You are hereBluewash is the new greenwash

Bluewash is the new greenwash


By richard - Posted on 08 February 2010

Zoe Cormier, February 5th, Axis of Eco - The first Public Eye Award for Greenwash handed out in Davos last week was unprecedented. Not only was it the first such award handed out in the Swiss city for false environmental claims, but it was also the first ever Public Eye Award for the recipient: the United Nations.

The UN CEO Water Mandate, a public-private partnership meant to facilitate water conservation, was singled out for falsely claiming to address the global water crisis. The real aim, the Public Eye committee alleges, is not to conserve water but to “facilitate greater control over water sources by for-profit corporations.” For example Nestlé, is a signatory. One of the largest purveyors of bottled water, a product widely reviled by ecologists, it is in their best interests to obtain as large a volume of water as possible, rather than to ease its distribution in regions suffering from water scarcity.

This marks the tenth year for the Public Eye Awards, trophies meant to mirror the high-profile World Economic Forum meetings by fingering “the nastiest corporate players of the year,” such as Novartis in 2007 for blocking the distribution of cheap generic drugs to leukemia patients in India. Last week saw the first award for greenwash: attempts to increase profits masquerading as attempts to improve ecological performance, usually by co-opting the symbols of environmental groups. Classic example: British Petroleum re-branding itself as “Beyond Petroleum” with a green floral logo while decreasing investments in renewable energies and making inroads into the tar sands.

The problem runs deeper than an innocent fib: by allowing ecologically detrimental practises to continue unchecked, greenwashing undermines the credibility of organisations which genuinely improve their environmental performance. In the long run the widespread practice could fuel a backlash against green-branded products by tainting all as disingenuous.

The inception of a greenwash award this year was not surprising, as false claims of ecological credentials have risen in parallel with social awareness of climate change and other issues. But the selection of the UN CEO Water Mandate seems curious. Why criticize above others an organisation whose primary mandate is world peace and universal human rights? For many this strikes the same strange chord as the demonstrations against the UN talks on climate change in Copenhagen in December. The talks may not have been as effective as hoped, but at least the gathering acknowledged the need to address climate change. Was it deserving of the same fury as the World Trade Organisation in Seattle?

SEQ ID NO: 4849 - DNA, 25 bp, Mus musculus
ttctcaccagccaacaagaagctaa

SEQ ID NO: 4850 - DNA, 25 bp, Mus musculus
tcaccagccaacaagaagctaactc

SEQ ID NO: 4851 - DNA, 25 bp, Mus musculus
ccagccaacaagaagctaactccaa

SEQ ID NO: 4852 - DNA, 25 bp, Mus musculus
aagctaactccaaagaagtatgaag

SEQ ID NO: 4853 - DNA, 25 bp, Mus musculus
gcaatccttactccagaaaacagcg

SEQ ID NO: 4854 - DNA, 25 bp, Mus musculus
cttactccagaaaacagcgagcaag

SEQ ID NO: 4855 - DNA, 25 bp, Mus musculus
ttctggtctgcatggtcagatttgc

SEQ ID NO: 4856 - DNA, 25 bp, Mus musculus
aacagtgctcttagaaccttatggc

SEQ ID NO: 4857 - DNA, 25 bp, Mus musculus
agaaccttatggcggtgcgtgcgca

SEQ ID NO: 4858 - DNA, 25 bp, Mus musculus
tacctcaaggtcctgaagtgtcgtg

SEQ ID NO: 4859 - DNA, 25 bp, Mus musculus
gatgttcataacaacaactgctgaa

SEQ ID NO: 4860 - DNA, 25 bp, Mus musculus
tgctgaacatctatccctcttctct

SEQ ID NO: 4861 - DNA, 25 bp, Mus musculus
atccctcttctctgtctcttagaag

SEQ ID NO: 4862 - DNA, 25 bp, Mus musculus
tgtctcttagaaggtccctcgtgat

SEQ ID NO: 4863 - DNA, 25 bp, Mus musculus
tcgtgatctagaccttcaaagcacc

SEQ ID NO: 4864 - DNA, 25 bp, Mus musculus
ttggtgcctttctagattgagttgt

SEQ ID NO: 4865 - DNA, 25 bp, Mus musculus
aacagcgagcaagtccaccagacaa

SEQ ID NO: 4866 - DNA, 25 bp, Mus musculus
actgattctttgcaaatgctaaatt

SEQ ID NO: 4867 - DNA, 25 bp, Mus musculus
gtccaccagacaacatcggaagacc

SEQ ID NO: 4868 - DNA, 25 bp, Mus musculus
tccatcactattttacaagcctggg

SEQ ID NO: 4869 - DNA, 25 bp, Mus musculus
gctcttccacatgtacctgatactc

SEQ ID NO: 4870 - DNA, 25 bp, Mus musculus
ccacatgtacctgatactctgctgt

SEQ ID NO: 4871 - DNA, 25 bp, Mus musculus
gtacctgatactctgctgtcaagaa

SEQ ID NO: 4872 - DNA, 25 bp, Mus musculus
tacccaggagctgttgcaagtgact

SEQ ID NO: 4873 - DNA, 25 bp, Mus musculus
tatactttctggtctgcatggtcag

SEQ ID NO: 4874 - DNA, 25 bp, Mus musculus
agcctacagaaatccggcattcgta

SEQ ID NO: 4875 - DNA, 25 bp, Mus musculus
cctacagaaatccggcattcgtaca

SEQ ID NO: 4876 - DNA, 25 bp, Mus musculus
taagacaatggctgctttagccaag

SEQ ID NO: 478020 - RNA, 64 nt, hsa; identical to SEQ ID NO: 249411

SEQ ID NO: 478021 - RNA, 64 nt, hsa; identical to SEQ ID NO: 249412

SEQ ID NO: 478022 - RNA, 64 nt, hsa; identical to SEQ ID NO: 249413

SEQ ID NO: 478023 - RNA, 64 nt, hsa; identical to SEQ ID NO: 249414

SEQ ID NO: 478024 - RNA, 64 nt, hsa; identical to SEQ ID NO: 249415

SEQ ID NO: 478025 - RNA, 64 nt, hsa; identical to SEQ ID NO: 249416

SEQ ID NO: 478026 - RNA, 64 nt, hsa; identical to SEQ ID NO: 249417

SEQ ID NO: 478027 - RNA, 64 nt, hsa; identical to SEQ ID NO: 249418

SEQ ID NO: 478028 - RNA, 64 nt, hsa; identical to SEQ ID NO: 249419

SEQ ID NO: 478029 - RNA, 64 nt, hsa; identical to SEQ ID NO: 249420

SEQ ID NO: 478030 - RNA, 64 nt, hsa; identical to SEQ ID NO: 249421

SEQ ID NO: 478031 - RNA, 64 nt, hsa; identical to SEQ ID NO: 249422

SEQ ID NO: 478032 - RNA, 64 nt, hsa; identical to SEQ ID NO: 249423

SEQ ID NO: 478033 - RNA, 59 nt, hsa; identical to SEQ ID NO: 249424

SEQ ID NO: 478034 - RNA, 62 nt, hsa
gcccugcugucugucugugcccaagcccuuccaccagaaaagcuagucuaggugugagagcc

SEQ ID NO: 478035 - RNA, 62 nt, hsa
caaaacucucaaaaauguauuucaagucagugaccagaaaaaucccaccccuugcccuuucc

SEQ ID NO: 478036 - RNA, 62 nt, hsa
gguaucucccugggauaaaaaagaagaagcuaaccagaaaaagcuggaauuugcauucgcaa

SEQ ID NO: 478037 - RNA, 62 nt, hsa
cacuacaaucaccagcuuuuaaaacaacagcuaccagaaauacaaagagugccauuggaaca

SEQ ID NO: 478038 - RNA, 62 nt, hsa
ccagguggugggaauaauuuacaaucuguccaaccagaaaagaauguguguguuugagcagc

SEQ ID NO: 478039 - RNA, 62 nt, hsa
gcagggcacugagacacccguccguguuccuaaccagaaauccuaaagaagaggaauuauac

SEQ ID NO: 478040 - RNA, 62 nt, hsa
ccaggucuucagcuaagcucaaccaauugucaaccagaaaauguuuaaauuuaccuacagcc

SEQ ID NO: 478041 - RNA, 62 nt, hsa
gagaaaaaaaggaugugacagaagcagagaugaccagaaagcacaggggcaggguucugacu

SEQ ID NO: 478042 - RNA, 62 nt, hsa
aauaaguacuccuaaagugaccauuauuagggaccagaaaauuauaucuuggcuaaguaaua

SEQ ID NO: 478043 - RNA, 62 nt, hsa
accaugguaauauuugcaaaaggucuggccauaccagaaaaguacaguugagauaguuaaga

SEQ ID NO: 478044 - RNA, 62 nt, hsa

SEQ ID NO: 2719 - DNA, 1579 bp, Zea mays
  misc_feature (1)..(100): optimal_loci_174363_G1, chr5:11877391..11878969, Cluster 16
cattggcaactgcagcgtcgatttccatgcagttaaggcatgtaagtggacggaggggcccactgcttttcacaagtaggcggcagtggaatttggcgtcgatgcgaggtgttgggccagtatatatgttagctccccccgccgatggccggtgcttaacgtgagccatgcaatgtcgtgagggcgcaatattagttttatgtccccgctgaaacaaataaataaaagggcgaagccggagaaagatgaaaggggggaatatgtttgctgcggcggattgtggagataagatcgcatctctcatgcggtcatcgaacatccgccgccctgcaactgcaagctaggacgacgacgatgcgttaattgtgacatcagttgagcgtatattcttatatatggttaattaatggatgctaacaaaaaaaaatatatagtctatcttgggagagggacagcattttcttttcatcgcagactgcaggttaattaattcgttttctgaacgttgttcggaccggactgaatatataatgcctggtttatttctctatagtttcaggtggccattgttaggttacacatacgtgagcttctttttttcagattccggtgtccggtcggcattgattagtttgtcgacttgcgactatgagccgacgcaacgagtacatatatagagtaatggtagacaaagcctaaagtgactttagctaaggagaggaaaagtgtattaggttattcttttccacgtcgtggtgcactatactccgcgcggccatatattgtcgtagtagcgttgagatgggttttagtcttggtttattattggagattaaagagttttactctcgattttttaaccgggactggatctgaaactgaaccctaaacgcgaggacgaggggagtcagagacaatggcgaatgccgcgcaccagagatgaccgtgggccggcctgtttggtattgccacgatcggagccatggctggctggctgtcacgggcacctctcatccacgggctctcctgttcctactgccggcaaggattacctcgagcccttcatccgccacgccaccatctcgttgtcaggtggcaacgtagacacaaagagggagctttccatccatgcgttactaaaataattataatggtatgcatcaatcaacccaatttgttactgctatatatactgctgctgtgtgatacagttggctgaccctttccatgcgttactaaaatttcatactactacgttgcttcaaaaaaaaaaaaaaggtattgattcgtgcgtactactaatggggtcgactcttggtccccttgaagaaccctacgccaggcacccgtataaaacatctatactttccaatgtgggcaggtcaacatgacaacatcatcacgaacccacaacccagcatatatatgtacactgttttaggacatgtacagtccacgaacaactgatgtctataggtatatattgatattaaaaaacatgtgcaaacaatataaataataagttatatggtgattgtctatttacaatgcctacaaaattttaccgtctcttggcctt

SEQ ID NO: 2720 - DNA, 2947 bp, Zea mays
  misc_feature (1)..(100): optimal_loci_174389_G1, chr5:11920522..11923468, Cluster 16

“Some of the worst corporate water barons have been blue-washing their bad practices through the CEO Mandate process – it is wonderful that the award has gone to the UN CEO Mandate and I congratulate the committee for having the courage to do this” says Maude Barlow, Senior Adviser on Water to the 63rd President of the United Nations General Assembly. ”There is a struggle for the soul of the UN taking place. Will it represent the peoples of the world through their governments or will it become a mouthpiece for the interests of private capital?”

The UN has changed over the past two decades, says Richard Girard of the Polaris Institute in Canada, who submitted the nomination.

“It is important to call out the increasing corporate infiltration of the UN on all levels – it has shifted from regulating corporations to partnering with them,” he says. “The problem is that the program has no third party verification. Coca Cola [a signatory of the mandate] may publish a sustainability report – but if you check the fine print the auditor only checked four out of hundreds of bottling facilities.”

Gavin Powers, Deputy Director of the United Nations Global Compact, declined requests for commentary and instead referred to the official UN response to the nomination.

The Mandate “is based on the conviction that the private sector can play a positive role,” it reads. “The Secretariat appreciates that there are differences of opinion with respect to the role of the private sector … [but a] fundamental belief in the key role businesses can and should play in advancing sustainable water management is the basis of the Mandate.”

Assisting both corporate businesses and governments is the academic Water Footprint Network, based out of the Netherlands. They aim to refine the scientific tools required to measure the precise amount of water needed to produce a consumer product, such as a glass of beer (140 litres) or a cotton t-shirt (2,700 litres). “We are non-partisan – we aim to make the data and methodology available to anyone who needs it in support of sustainable and equitable water use,” explains Derk Kuiper, executive director of the Water Footprint Network

So what does he make of the Public Eye Award?

“As an African saying goes, ‘when elephants fight, the grass suffers,’ and there is a real truth to that in Davos,” says Kuiper. “The million dollar question is if this really helps those that are in need of water, or just triggers more communications activity.”

“There is political polarisation of this issue – and as always there are two sides to the coin,” adds Professor Arjen Hoekstra, scientific director of the Water Footprint Network and originator of the concept. ”There is a lot of greenwashing, but at the same time many businesses are serious about water conservation. It’s not easy to say if the UN Mandate is ‘right’ or ‘wrong’. The reality is much more nuanced.”

Politics and profits aside, the question is this: Do companies that sign up to the UN CEO Water Mandate actually reduce their water footprints?

“It is simply impossible to say yes or no definitely because there is no monitoring mechanism,” says Hoekstra.

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